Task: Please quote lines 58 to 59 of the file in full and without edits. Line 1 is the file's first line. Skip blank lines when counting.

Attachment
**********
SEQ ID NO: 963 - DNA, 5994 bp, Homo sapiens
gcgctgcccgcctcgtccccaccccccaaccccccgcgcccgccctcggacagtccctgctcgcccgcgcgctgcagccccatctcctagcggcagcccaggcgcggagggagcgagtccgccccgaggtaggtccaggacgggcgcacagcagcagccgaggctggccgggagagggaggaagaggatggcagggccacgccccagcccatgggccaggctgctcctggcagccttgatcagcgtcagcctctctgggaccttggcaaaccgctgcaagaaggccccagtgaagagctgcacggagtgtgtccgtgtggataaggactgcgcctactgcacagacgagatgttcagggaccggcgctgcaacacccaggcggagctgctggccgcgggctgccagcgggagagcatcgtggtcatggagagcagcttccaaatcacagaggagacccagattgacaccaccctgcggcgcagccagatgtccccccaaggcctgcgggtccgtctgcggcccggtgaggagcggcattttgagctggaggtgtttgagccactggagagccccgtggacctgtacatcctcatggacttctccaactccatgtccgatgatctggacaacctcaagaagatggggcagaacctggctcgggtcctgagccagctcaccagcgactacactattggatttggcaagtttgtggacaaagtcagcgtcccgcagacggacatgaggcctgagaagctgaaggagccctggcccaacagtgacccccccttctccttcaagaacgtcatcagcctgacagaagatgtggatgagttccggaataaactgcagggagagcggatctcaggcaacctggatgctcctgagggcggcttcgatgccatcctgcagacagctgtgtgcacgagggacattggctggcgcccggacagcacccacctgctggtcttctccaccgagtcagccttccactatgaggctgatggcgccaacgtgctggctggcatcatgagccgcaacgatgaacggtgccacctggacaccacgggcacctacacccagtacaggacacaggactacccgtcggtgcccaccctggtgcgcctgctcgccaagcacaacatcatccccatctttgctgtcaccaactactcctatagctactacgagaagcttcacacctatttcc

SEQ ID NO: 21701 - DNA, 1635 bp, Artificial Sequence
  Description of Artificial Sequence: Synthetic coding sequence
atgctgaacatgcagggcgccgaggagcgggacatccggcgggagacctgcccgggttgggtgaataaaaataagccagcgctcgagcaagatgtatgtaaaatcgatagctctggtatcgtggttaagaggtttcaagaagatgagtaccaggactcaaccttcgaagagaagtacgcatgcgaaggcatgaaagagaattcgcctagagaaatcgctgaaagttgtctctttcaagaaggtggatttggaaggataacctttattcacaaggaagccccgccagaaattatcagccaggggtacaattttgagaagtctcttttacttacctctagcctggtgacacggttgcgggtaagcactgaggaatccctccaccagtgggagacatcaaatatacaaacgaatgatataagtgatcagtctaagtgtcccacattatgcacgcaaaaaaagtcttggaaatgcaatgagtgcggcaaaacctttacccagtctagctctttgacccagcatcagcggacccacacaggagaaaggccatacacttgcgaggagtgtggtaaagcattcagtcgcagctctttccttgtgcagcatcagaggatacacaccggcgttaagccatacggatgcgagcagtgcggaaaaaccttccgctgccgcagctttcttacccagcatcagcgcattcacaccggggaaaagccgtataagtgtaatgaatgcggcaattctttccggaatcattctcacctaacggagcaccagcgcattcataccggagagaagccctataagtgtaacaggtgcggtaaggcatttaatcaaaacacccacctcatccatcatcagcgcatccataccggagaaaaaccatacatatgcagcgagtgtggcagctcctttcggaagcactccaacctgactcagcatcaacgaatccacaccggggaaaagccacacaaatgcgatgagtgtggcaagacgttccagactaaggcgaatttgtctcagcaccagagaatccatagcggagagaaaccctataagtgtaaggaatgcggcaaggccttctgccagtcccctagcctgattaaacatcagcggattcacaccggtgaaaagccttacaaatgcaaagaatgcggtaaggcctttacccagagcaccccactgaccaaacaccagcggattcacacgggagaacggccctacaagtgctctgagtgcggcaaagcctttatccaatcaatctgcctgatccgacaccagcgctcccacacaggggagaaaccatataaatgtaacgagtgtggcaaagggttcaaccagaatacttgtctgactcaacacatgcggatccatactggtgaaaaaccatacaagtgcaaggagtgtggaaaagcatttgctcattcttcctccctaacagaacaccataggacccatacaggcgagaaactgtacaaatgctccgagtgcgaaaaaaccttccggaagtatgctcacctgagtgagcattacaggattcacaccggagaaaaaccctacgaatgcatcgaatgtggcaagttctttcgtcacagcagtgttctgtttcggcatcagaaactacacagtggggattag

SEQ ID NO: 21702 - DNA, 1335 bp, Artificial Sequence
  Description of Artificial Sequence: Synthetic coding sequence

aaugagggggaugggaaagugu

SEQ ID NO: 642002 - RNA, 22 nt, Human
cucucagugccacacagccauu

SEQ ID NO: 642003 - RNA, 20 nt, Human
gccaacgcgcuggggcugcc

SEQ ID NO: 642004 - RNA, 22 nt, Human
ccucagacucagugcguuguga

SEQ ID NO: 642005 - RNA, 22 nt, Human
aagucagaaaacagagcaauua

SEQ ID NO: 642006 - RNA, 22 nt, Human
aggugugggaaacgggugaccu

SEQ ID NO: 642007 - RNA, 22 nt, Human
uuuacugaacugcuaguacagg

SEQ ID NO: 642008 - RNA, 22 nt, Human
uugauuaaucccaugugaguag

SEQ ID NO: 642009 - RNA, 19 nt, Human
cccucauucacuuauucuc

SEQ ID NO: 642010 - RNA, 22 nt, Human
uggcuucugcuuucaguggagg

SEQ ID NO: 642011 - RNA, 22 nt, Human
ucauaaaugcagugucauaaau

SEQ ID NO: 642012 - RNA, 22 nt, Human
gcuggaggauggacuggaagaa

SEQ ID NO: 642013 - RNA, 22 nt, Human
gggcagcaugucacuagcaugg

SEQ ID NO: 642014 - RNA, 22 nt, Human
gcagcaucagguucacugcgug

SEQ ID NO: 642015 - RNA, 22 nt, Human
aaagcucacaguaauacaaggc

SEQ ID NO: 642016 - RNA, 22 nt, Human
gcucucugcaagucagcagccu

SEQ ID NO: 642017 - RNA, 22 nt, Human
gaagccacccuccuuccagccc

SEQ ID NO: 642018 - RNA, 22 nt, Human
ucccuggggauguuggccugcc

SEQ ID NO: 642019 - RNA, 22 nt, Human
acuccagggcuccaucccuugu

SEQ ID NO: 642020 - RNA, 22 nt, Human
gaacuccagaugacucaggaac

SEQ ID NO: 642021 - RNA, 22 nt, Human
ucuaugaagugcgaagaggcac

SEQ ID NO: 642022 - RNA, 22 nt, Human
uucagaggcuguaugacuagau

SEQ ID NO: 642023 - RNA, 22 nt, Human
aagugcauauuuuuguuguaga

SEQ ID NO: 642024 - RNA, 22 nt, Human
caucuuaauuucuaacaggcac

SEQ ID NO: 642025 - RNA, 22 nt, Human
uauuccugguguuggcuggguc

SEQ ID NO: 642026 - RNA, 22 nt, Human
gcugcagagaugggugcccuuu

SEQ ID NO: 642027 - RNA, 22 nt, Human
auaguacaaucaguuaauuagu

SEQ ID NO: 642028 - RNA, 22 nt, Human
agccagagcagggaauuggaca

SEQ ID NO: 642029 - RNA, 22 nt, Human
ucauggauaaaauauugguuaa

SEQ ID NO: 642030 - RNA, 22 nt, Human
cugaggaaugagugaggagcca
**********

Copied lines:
gcugcagagaugggugcccuuu

SEQ ID NO: 642027 - RNA, 22 nt, Human